Director del Toro creates throwback to Kaiju films in ‘Pacific Rim'
As a child growing up in Delaware, I remember the limited stations available to those of us who did not have the luxury of cable. One was Philadelphia’s Channel 17 (on the UHF dial … kids, ask your parents about that one), which broadcast Dr. Shock’s “Mad Theater” and “Horror Theater” on Saturday afternoons (there was also “Creature Double Feature" on Channel 48 and “Chiller Theatre” on Channel 29, but neither of them had hosts to giddily guide us through the flick like the zany Dr. Shock).
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Whether it was his alliteration-filled openings (“Salutations my little Saturday Celluloid Sick Slicksters!”) or his signature sign-off (“Let There Be Fright!”), I credit him for giving me my initial dose of city-stompin’, dubiously dubbed Asian invasions. I’m speaking about “Godzilla,” and perhaps his lesser-known Tokyo-leveling counterparts (Mothra, Yog, Rodan, etc.) who would stomp the rather resilient city time after time and battle in some of the most gloriously ridiculous ways.
Dr. Shock was the key to open doors of countless homemade movies by friends and I in which entire cardboard cities, fleets of Hot Wheels cars and various other carefully constructed landscapes would be mercilessly marauded by angry beasts who enjoyed razing entire blocks all in the name of destruction.
Something tells me that while he may not have grown up near the broadcast range of that Philadelphia television host, director Guillermo del Toro had a similar influence in his life for him to create such an epic throwback to the Kaiju films of yore with “Pacific Rim.”
This feels like the film he has been trying to make since he was 9, but now has just a few more million dollars at his disposal.
The end is nigh as the opening credits of “Rim” roll; giant, ugly lizards are crawling through an interdimensional breach in the ocean and are slowly carving their way through the world, city by city. After almost a decade of these attacks, the world is fighting back by creating monsters of its own: equally colossal battle-bots designed to kick the slimy stuffing out of these oversized pests.
But unlike, say, "Transformers," there's a heart that beats inside each of these mechanical creations; in fact, there are two, as the robots require both pilots to synchronize thoughts and movement (referred to as "mind-melding," one of the many details in a sprawling universe Del Toro creates to tell a simple story). Raleigh Becket (played by Charlie Hunnam) is our narrator and guide, and his latest battle left him scarred and subsequently ended the robotics program in which he was such a star.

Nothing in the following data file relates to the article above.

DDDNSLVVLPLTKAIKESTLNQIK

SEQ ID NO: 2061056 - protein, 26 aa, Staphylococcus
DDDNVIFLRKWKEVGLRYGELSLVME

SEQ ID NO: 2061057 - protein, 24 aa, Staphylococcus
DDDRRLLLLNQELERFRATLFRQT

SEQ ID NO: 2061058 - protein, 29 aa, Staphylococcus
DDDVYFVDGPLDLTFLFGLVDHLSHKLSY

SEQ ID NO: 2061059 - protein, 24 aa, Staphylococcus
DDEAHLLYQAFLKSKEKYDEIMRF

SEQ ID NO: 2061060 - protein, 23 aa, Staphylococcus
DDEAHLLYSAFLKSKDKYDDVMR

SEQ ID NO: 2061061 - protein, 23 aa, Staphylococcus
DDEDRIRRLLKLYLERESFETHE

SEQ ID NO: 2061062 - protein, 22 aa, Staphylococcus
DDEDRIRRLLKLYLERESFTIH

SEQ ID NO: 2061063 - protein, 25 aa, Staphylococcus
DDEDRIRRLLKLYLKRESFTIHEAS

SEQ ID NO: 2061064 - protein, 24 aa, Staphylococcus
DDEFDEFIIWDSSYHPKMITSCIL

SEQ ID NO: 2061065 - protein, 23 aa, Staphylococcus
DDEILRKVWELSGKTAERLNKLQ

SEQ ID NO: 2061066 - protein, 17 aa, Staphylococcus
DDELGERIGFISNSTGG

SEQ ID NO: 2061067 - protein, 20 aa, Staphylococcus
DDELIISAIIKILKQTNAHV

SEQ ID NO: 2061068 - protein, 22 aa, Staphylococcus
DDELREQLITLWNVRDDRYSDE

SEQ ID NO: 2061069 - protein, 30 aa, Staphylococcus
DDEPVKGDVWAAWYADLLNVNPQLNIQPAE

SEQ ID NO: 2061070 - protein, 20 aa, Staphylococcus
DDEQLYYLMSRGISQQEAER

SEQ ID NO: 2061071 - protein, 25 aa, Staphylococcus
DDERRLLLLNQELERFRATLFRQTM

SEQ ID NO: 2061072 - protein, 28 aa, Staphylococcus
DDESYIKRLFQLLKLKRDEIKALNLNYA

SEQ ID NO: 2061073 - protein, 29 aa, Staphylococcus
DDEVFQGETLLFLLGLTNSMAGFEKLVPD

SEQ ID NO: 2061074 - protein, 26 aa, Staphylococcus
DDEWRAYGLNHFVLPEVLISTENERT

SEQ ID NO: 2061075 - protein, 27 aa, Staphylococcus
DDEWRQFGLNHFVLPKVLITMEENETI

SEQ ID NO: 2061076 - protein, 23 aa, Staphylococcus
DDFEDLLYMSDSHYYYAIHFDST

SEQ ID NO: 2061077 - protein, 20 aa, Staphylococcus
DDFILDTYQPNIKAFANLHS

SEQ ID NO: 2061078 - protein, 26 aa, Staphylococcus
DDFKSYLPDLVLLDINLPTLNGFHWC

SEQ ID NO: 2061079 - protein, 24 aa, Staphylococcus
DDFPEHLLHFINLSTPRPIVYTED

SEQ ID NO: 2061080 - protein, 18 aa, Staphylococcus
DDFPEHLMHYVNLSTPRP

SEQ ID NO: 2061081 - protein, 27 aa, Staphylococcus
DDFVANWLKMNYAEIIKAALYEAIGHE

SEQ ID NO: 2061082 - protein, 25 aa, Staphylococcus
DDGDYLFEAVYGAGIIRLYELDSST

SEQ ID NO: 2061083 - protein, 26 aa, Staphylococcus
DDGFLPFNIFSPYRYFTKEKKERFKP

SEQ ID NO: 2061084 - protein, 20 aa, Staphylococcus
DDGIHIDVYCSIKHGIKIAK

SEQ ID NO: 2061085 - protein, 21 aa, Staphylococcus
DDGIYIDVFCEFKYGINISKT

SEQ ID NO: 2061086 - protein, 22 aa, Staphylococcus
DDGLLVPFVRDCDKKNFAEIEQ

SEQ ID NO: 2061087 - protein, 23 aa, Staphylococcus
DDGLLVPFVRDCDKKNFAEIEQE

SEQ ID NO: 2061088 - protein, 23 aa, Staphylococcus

Five years later, his old boss Stacker Pentecost (played by Idris Elba) tells him that even though the government may have aborted the program, there's one still active in Hong Kong that may be humankind's last hope. It houses all the formerly famed pilots from around the globe, as well as the world's top scientific experts who are hunting to expose a weakness in these skyscraping salamanders.
Instead of telling you all "Pacific Rim" has up its train-sized sleeve, let me tell you what it DOESN'T have:
• A rock soundtrack by the latest artists from the studio's music division;
• gratuitous product placement;
• scatological humor;
• a screenplay with pop-culture shout-outs.
Essentially, "Pacific Rim" is devoid of all the things a film like this usually must succumb to in order to get financing. And maybe that is why it feels so close to the heart of a child's imagination. Hope and spirit permeate even the darkest hours of "Rim," and we are treated to characters and scenes from a comic book that has never been written.
But even more than that, it is thrilling in a way that envelops your senses. Sure, it's loud and proud, but in all the best possible ways. It adds characters who are immediately distinguishable (Ron Perlman's shifty underworld kingpin and Charlie Day's hyper scientist immediately come to mind) and stages battles that are unrelentingly colorful, thrilling and just plain fun.
"Pacific Rim" is also impressive in its efficiency. Each character and concept introduced is front-loaded with meaning in its movement, eliminating the need for tedious explanations of backstory and minutiae that can often stall films this large in scope. There is no chance a film such as this would have ended up on Dr. Shock's Saturday-afternoon showcase, as that was often relegated to showing the barnacles of the monster movie world. But director Del Toro does approach the genre with the same giddy glee that the former host showed when introducing such features. And I hope it will spawn another generation of children who rush out to the sandbox armed with a camera, toys and imagination to start plotting the next round of films that are as wildly engaging as "Pacific Rim."